The Berkeley downtown post office, formally the "Downtown Berkeley Main" station, is set to close and be sold off. There is concern about town regarding the fate of a historic public building occupying incredibly valuable municipal real estate. There is more to the story, though. Congress, it turns out, is waging war against the postal service, or so it seems:
Tomorrow, August 1st, the post office is required to make a $5.5 billion payment to a fund for retiree health benefits. In September, another $5.6 billion is due. The postal service has announced that it will not make these payments. (source: Business Insider (July 31, 2012): Post Office Nears Historic Default on $5 Billion Payment)
It's odd that the Postal service owes $11.1 billion to the health care fund and here is why:
According to the Postal Service Inspector General, the postal service has overfunded its pension fund (not the retiree health care fund). Pensions are funded at 105%. (source: Office of the Postal Service Inspector General (June 18, 2012): Pension and Retiree Health Care Funding Levels: Management Advisory Report)
Did you catch that? Pensions are over-funded by $13.1 billion. Retiree health care is under-funded by $11.1 billion.
Why not, then, simply move $12.1 billion from one fund to the other? Problem solved, right? And with each fund winding up with an extra $1 billlion.
Why not? Because Congress won't let them. The Inspector General writes (emphasis added):
The Postal Service has funded its pension benefit obligations at nearly 105 percent and is currently overfunded by $13.1 billion. The law does not allow the Office of Personnel Management to alter the contribution formula for the Postal Service, nor can it refund current or future surpluses. Although the Postal Service continues to implement changes to align costs with revenue, action is needed now to use the current and future surpluses to remain a viable business.Congress hasn't stopped there. The Inspector General continues:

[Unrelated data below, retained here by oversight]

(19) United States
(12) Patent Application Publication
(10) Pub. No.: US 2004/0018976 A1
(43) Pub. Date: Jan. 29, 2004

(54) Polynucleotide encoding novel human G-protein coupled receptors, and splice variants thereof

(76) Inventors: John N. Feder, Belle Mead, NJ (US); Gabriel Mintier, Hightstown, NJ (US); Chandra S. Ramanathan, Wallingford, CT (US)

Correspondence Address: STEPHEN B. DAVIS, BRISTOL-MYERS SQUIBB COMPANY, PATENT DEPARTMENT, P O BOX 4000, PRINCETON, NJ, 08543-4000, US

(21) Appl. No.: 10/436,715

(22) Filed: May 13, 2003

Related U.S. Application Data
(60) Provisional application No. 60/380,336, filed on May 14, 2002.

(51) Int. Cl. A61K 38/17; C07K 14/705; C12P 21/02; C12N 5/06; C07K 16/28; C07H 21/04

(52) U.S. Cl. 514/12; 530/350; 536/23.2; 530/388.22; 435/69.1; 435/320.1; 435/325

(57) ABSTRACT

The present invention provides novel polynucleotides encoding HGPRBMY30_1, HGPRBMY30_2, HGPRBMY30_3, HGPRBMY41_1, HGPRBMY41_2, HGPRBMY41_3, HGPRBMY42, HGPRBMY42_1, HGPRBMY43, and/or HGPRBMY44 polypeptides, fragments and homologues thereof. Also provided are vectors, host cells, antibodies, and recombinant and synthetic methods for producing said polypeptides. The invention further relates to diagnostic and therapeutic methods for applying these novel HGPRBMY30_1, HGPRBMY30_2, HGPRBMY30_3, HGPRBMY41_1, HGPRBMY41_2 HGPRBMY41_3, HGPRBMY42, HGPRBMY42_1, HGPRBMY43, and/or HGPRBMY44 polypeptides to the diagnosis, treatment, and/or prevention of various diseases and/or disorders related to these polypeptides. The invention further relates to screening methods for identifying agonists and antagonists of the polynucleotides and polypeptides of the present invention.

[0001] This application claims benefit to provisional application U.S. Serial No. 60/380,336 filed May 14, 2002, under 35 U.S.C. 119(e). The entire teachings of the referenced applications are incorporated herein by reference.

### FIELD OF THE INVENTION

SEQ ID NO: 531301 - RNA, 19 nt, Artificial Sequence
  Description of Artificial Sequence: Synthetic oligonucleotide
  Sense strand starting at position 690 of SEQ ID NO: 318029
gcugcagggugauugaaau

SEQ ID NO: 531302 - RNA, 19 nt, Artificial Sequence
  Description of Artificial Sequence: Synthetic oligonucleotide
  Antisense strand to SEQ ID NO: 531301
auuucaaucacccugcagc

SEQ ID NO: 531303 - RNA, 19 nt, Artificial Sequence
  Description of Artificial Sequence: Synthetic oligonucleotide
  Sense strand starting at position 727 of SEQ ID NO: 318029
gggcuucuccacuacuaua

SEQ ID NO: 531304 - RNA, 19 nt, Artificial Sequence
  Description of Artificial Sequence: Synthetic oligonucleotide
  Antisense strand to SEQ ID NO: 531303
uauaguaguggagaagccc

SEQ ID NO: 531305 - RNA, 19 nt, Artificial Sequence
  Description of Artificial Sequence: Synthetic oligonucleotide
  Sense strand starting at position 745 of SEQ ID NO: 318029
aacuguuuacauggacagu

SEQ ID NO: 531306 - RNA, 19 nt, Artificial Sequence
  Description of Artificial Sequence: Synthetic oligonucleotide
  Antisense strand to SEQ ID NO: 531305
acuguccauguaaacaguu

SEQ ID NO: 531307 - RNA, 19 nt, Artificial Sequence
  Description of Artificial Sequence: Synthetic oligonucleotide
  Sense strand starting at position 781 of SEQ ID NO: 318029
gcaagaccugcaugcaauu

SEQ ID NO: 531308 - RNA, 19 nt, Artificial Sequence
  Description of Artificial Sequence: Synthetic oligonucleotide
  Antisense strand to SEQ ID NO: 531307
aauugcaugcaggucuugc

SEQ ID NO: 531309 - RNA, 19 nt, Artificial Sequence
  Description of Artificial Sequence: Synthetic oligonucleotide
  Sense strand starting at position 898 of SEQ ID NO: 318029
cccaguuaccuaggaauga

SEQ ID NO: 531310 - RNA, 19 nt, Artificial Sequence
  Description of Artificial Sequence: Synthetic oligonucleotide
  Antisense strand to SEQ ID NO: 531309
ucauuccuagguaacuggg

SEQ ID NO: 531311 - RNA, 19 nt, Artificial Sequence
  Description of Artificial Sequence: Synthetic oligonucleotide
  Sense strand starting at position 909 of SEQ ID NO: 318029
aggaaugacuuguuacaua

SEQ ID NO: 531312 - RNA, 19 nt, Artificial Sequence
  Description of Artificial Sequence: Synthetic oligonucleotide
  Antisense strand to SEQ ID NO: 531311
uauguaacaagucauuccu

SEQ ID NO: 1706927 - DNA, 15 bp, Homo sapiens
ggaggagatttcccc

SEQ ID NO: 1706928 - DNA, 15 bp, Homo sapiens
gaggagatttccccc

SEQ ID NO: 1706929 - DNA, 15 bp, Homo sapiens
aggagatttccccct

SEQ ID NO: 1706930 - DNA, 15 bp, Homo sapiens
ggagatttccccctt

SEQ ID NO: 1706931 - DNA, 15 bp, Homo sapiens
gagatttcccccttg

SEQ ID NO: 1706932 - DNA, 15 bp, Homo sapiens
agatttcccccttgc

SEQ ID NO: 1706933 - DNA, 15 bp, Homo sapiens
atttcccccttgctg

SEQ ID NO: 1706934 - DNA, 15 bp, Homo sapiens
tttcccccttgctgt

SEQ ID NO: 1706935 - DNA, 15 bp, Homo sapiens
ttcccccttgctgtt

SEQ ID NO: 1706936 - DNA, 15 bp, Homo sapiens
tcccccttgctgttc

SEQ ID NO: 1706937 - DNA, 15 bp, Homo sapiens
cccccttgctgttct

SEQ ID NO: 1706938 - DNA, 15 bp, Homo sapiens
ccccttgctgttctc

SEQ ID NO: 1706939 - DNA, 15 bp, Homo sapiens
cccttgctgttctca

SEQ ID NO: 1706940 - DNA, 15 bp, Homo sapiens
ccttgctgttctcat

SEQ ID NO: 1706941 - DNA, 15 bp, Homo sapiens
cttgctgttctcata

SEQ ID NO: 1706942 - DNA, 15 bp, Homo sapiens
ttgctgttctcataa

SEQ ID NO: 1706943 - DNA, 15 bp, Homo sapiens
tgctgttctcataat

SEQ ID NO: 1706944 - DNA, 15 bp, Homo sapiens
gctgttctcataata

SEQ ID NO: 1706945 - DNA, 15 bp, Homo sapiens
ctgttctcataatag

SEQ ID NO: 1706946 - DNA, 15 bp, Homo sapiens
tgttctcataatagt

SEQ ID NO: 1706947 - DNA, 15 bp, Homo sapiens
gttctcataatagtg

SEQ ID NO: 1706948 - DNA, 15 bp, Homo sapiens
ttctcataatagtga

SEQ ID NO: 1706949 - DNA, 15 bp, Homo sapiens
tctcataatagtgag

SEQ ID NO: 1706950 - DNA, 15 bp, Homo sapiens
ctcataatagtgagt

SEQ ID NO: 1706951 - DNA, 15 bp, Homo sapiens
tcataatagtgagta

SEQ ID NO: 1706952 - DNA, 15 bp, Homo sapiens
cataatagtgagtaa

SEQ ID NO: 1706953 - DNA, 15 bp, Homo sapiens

Further, the Postal Service is required to fully fund its future retiree health care benefit obligations. Currently, the Postal Service has funded nearly 50 percent of that obligation.
Which brings us to the punchline:
Currently, the Postal Service has funded nearly 50 percent of that obligation. As an alternative to the annual prefunding payments, which has been difficult, we estimate the Postal Service’s fair market value of real property totals $85 billion and would be enough to cover the remaining unfunded obligation of $46 billion. Recognition of these assets that could be applied to the liability, if ever needed, could prevent the prefunding payments from increasing Postal Service debt.Simply put, the Post Office shouldn't be considered in default, says the Inspector General, for missing the $11.1 billion in payments. They're good for the money as soon as they sell off a lot of real estate. To their credit, the Inspector General and the Postal Service management aren't in favor of selling the real estate. Rather, they would prefer Congress give the postal service greater freedom to manage its services in a way that it can stay in the black. So far, Congress is steadfastly refusing, and "so sell the buildings" it is.
Surely some extremists in Congress are driven by anti-labor and anti-government sentiments. The prospect of privatizing prime municipal real estate, the post office's financial services, and indeed even the delivery of mail create giant opportunities for our capitalist elites. The Business Insider article cited above notes, as just one example, that Wall St. banks stand to gain handsomely if more people are forced to make payments electronically rather than by mailing checks.
Indeed, it is Eric Cantor (R-VA), not John Boehner (R-OH) who has announced that a Senate bill to let the Post Office get its house in order lacks enough support to pass in the house. Instead, Cantor and Darrell Issa (R-CA) are putting together a bill that, in the event of a (congressionally forced) default, the Postal Service would come under direct federal control with authority to override management decisions and break union contracts. (Source Federal Times (July 28, 2012): Is D.C. takeover a model for the U.S. Postal Service, via Salon (March 14, 2012): Congress' war on the post office)
The postal service, it seems, is being "drowned in a bathtub."
A closing note. You might want to send a letter to Representative Cantor asking him to reconsider his position. He publishes his contact information in Washington D.C. with this qualifier:
The contact information for my Washington, DC office is listed here. You are welcome to call me or send me a message through the U.S. Postal Service, but please note that postal mail is the slowest method for contacting me. All postal mail sent to my offices must be scanned for security purposes, which means it will take an additional two weeks for my staff and me to receive it.Of course it is.
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